When Birds Could Talk & Bats Could Sing
The Adventures of Bruh Sparrow, Sis Wren, and Their Friends
The wonderful stories in this book are based on African American folktales told in the South during the Plantation Era. In the 1880s, Martha Young, a journalist, collected these stories and created many of her own, publishing them in newspapers and then in several books of folktales. Like the popular Bruh/Brer Rabbit stories, these tales are among the most lively and entertaining in all of American folklore. Born out of terrible hardship, they stand as a testament to the indomitable human spirit.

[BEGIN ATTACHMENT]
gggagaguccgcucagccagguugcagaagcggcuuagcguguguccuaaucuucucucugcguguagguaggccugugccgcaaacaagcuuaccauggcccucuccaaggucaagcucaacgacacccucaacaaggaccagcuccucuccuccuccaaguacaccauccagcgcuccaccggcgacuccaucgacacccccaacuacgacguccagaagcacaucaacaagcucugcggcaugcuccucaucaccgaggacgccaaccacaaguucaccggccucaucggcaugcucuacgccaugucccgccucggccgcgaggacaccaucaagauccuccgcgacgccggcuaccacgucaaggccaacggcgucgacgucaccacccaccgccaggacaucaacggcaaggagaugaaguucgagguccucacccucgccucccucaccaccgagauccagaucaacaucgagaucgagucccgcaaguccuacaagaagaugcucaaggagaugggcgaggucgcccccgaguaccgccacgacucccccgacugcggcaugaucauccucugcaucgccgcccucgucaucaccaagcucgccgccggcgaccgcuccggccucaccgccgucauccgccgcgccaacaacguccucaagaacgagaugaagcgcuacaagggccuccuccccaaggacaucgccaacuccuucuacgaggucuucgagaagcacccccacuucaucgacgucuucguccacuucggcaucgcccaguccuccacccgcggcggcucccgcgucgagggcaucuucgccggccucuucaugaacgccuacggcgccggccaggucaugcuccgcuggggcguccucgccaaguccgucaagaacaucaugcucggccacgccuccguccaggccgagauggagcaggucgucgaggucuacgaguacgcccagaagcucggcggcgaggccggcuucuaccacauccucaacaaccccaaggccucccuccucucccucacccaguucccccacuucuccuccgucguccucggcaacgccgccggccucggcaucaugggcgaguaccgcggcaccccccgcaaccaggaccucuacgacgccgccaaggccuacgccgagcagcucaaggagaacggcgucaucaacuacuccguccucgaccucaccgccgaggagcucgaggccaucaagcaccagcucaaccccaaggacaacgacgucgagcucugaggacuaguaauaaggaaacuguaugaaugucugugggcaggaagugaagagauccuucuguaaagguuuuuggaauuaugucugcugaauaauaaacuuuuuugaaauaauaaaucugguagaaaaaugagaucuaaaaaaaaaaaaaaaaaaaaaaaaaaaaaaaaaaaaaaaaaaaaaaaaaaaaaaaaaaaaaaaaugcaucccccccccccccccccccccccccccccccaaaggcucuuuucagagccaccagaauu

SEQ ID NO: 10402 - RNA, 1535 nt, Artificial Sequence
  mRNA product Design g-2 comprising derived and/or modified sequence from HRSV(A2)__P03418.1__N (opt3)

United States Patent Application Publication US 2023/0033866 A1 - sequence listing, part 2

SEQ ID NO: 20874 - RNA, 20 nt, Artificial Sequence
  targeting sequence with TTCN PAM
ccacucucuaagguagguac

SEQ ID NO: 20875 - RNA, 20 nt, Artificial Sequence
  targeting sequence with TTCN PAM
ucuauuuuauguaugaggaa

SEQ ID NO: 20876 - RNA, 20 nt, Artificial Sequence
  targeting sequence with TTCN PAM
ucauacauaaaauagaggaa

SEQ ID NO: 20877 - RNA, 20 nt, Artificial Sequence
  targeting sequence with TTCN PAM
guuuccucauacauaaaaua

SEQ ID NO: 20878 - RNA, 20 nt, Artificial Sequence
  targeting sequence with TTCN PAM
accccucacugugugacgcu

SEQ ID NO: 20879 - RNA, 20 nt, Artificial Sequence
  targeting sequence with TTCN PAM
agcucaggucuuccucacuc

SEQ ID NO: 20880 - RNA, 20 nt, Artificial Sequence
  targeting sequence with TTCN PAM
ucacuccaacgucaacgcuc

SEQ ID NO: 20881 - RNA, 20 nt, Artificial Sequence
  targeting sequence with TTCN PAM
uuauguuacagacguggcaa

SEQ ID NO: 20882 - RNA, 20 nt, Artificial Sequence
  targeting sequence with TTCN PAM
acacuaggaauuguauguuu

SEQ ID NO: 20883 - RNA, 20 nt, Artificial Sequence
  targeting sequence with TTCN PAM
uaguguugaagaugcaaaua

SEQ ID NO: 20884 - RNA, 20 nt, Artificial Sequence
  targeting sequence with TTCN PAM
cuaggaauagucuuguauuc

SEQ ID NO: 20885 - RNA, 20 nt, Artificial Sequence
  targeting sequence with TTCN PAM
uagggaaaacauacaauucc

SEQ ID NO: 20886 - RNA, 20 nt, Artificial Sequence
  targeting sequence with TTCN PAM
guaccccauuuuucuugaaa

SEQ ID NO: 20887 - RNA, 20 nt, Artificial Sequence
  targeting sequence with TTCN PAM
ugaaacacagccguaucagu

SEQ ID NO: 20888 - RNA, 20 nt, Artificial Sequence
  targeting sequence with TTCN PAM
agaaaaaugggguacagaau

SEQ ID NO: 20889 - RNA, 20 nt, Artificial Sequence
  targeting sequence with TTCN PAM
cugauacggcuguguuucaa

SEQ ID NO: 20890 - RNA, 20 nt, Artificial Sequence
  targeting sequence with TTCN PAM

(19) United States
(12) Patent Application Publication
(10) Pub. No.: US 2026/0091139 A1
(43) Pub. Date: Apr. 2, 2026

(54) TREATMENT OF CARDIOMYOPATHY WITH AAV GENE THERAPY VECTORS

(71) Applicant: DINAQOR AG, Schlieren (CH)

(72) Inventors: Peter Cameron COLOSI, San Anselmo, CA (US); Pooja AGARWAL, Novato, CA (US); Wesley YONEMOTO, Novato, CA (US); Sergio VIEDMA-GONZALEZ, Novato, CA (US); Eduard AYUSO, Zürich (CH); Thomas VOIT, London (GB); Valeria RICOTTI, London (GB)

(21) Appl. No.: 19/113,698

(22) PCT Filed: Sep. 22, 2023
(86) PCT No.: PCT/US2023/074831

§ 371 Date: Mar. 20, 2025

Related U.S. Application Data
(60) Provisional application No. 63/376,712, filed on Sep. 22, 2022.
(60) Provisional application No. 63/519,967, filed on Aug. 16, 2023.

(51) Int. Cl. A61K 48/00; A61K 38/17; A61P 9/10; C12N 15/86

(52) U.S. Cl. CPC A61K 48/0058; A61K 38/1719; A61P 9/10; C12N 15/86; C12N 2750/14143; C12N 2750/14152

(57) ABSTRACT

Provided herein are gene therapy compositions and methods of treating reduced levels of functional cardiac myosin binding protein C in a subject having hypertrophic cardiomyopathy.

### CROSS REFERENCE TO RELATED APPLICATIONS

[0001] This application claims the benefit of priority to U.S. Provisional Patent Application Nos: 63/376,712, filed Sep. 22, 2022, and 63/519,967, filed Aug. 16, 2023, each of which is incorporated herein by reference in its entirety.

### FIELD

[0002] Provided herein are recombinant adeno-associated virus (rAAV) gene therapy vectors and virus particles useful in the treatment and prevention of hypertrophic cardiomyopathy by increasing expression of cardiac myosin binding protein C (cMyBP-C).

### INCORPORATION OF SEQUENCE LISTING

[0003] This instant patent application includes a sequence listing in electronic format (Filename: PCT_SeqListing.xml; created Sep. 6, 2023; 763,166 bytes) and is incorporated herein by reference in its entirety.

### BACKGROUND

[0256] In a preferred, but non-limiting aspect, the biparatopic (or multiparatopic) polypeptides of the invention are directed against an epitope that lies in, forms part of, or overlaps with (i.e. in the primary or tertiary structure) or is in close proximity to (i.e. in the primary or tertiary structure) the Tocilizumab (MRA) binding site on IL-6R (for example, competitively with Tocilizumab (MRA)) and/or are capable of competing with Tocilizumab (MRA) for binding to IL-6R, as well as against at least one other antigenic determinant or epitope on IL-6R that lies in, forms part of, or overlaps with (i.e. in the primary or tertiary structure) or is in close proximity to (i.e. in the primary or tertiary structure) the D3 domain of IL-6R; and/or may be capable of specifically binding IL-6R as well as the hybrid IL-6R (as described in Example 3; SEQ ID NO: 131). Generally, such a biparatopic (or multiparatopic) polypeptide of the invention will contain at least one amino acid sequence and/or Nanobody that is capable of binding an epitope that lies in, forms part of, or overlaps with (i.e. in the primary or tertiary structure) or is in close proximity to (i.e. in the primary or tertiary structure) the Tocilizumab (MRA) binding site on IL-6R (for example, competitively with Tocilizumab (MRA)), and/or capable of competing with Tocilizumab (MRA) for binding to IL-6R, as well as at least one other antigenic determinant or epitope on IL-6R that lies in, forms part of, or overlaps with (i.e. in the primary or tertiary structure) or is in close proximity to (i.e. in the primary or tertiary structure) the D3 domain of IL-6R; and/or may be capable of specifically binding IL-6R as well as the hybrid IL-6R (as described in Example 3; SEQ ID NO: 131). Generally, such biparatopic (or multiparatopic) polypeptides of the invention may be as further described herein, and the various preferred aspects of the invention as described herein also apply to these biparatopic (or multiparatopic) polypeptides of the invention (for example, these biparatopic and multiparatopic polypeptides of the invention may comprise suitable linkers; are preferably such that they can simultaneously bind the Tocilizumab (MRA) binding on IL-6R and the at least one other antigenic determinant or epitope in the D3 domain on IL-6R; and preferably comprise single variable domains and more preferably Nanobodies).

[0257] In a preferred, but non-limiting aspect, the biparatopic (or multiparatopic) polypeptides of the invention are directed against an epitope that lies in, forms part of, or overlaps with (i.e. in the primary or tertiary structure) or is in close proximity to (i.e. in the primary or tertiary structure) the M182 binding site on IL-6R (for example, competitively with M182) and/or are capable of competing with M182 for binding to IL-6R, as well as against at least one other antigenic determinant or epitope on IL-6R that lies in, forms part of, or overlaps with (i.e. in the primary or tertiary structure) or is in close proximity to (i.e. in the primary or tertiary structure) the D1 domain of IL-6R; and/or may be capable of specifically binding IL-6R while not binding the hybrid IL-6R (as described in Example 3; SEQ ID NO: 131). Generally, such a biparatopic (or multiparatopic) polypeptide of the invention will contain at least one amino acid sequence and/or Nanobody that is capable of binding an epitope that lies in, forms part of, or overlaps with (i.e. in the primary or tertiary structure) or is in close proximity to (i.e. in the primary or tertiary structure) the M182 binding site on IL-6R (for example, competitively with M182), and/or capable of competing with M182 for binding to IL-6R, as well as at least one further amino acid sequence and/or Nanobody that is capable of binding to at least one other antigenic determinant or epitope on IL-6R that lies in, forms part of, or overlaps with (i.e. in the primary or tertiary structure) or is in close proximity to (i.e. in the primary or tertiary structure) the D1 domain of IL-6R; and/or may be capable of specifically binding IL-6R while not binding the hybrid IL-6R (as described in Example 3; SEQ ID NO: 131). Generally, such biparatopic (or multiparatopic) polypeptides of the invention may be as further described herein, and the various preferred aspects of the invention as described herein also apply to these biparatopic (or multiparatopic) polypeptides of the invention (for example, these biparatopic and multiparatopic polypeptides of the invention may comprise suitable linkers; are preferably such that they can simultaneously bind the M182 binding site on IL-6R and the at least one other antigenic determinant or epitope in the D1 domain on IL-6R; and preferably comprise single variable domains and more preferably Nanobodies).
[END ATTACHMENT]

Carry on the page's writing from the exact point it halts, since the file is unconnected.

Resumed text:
Way far back, when birds could talk and bats could sing, feathered folks just naturally fussed and squabbled among themselves. They were full of pride and foolishness, same as human folks are now—and they were just as full of fun and cleverness.
Come along as Newbery Medalist Virginia Hamilton and National Book Award winner Barry Moser take a leisurely stroll back in time to the fields, ponds, and moonlit nights of a long-ago place where shade trees grow tall, and every storyteller’s magic begins by the fence corner.
Now Available In Paperback
- A School Library Journal Best Book of the Year
- A Publishers Weekly Best Book of the Year
- An American Bookseller Pick of the Lists
- A 1996 Capital Choice
- An ALA Notable Book
Reading Level 3 Ages 6-9
Illustrated by Barry Moser
First Scholastic Paperback Printing, January 1999
The Blue Sky Press
An Imprint of Scholastic, Inc.
Illustration © 1996 by Barry Moser